Or is it? Could it actually be that the answer is something else altogether? Could that answer be that the state needs the private sector – because there are very obviously some things that the state cannot do – whilst the private sector needs the state for exactly the reverse reason?
In other words, might it be that to have a truly functioning modern economy we should not idolise one part of the economy and condemn the other? The question is not, in other words, which is more important – the state or private sector – but is it that both are fundamental?
Listen to almost any debate on politics or economics and that suggestion will usually be absent. But, I suggest, it is the universal truth that we’re missing. By adopting dogmatic positions, most of which are now anti-state and pro-private sector, we’re killing the economy.
This is, of course, the standard classical liberal, even neoliberal, idea. There are things that must be done and that only the state can do. Therefore we must have a state to do those things which must be done and which only the state can do.
For everything else there is the market, or private sector. Simples.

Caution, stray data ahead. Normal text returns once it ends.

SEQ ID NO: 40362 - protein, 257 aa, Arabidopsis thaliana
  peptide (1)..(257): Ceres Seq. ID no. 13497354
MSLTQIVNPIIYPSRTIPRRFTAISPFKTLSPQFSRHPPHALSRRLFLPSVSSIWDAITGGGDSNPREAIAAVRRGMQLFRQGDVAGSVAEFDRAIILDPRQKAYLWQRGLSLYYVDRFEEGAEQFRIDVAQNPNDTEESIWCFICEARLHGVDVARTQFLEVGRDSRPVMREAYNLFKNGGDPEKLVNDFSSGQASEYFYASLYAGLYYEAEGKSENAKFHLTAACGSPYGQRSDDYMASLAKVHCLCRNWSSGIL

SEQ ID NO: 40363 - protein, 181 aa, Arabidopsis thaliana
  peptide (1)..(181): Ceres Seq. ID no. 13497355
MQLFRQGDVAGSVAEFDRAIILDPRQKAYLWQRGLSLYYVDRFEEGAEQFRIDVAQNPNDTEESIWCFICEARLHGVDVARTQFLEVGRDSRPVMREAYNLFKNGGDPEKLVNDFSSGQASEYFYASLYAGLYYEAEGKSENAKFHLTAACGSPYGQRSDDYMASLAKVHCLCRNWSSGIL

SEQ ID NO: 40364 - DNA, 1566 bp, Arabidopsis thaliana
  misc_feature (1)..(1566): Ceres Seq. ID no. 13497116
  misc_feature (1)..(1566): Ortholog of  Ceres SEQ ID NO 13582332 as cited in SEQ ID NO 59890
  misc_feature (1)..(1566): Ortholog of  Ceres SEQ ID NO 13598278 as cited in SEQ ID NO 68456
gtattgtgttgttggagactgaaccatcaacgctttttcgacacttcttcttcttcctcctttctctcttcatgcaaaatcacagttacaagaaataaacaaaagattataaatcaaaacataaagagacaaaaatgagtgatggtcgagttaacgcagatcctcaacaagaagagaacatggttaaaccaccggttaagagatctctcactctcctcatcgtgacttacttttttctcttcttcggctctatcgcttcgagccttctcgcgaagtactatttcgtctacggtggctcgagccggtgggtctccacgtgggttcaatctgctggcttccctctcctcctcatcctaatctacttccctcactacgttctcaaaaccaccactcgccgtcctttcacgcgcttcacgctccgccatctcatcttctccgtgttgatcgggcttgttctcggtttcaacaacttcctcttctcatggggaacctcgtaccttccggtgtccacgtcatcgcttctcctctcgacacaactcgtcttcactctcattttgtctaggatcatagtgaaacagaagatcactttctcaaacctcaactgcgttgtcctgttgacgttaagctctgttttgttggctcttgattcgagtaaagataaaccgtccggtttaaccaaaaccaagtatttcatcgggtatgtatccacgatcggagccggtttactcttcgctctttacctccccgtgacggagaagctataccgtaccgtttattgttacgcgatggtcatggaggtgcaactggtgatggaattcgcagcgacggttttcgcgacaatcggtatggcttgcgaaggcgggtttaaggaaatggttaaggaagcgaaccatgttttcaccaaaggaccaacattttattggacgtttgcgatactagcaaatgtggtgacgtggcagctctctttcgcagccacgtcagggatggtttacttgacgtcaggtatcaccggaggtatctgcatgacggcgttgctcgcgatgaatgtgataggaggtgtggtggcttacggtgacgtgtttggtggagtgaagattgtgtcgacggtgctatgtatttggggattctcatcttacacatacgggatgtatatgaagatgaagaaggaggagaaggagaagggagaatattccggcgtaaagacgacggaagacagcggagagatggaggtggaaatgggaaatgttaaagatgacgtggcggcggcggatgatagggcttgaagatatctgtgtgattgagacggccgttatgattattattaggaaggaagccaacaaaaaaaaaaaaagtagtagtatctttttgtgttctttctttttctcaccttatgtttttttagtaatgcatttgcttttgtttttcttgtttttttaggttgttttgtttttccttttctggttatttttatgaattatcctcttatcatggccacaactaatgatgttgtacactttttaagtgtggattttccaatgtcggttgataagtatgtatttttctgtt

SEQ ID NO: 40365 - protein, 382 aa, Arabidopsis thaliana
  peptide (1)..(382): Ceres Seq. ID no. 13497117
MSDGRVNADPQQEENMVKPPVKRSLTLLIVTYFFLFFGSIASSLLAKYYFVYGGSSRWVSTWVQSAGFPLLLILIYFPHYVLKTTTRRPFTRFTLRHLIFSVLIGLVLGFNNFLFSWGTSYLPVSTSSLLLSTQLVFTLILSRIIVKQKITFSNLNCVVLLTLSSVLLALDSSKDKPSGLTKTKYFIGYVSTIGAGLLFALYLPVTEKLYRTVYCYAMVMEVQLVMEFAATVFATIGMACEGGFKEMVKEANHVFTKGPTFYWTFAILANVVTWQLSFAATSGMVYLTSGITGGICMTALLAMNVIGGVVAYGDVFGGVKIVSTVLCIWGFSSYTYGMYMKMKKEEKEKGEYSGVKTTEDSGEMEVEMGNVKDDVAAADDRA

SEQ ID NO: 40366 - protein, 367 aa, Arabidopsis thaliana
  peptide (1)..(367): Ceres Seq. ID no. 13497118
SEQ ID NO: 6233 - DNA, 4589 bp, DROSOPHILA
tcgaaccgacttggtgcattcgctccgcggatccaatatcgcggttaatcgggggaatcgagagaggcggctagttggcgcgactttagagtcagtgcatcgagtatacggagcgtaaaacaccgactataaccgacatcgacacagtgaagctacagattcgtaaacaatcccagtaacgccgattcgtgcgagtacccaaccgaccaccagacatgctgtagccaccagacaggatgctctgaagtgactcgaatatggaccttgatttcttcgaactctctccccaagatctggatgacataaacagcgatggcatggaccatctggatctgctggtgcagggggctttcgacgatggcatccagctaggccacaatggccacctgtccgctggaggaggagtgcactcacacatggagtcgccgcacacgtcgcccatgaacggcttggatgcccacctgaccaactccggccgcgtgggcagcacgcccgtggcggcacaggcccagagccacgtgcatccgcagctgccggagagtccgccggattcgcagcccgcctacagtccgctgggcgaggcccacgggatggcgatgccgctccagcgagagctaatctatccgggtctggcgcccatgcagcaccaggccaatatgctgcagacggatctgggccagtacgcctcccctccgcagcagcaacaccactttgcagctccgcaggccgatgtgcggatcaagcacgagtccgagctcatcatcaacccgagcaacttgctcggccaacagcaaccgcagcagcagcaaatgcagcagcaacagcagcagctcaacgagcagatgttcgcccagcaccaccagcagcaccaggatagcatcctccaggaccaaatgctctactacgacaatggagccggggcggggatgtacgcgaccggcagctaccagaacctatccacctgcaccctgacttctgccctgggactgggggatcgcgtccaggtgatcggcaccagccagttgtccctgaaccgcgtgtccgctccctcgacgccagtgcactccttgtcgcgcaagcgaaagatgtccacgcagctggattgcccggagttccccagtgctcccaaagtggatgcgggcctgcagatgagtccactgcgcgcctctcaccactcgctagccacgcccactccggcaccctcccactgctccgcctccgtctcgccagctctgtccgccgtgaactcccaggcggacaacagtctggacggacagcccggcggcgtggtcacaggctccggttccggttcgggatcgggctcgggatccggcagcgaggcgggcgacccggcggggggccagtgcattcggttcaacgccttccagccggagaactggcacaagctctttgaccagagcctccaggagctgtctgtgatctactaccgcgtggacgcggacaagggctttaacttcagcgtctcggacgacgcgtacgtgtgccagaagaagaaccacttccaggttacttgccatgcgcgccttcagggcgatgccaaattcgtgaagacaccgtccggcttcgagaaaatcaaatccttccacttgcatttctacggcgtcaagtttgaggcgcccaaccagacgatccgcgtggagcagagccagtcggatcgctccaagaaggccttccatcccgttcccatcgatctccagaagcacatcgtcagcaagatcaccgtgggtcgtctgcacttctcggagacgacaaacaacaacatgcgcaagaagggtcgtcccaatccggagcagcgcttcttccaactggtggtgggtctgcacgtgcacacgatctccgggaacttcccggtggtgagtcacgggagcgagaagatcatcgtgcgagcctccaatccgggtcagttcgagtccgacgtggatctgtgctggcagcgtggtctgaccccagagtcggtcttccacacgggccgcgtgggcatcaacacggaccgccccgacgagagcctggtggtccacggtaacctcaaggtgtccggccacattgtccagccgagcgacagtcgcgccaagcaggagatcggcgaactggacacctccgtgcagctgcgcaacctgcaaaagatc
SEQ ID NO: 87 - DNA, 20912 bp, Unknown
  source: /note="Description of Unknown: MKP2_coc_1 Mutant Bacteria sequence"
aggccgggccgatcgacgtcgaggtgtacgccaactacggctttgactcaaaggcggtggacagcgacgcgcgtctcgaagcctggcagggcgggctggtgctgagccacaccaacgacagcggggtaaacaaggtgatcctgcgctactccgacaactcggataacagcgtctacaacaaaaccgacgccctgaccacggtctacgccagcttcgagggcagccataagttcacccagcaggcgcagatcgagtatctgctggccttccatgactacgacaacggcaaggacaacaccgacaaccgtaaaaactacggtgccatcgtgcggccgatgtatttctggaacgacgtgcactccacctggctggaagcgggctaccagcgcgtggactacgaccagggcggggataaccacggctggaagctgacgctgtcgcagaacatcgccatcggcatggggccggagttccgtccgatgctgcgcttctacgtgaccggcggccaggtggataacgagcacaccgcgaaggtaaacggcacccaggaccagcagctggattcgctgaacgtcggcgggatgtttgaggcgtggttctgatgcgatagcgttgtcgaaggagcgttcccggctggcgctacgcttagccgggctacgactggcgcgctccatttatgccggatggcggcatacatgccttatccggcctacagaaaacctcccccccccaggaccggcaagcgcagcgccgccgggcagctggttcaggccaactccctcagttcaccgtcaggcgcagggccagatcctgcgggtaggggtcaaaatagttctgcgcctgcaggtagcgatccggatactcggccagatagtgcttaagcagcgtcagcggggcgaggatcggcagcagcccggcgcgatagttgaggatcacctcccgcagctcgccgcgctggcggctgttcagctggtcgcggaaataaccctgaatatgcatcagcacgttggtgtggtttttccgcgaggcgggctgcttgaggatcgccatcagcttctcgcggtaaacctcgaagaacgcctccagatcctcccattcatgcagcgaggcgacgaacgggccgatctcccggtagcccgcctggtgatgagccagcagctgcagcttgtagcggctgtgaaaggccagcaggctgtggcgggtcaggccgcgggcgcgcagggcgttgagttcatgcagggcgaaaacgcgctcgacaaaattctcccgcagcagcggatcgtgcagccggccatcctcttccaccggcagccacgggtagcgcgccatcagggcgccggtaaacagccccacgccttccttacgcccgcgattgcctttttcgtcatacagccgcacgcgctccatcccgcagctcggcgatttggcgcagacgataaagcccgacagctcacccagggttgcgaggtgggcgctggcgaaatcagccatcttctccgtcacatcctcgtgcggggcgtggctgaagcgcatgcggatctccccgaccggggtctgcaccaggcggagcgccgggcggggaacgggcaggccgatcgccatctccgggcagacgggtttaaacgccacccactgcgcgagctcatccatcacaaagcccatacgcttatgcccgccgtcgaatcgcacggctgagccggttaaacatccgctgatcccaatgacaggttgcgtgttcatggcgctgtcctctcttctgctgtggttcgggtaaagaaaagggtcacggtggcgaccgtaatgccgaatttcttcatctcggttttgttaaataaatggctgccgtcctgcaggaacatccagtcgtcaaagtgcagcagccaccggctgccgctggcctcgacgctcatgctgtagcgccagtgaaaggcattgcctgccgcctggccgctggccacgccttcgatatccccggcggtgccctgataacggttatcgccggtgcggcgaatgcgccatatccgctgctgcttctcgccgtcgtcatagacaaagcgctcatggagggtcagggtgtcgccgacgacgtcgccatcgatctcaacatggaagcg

Of course, the Provisinal wing, to which I belong, then goes on to insist that we shoot anyone who suggest the state should ever do any more than this. But even so, the basic principle does indeed work. Yes, here’s the state stuff, there’s the private sector stuff. Both do have to be done and everything needs to be ddone by one or the other.
And now we get to the difficult bit. Well, which bits?
Spud is going to insist that the State must ration toilet paper otherwise how could bums get wiped? But what’s the actually sensible division here?
BTW, the true joy of this is that Spud thinks he’s just come up with something new. When, if he’d ever bothered to read anyone else, he’d have found out that the idea is at least several centuries old. Certainly there in a book published in 1776 for example.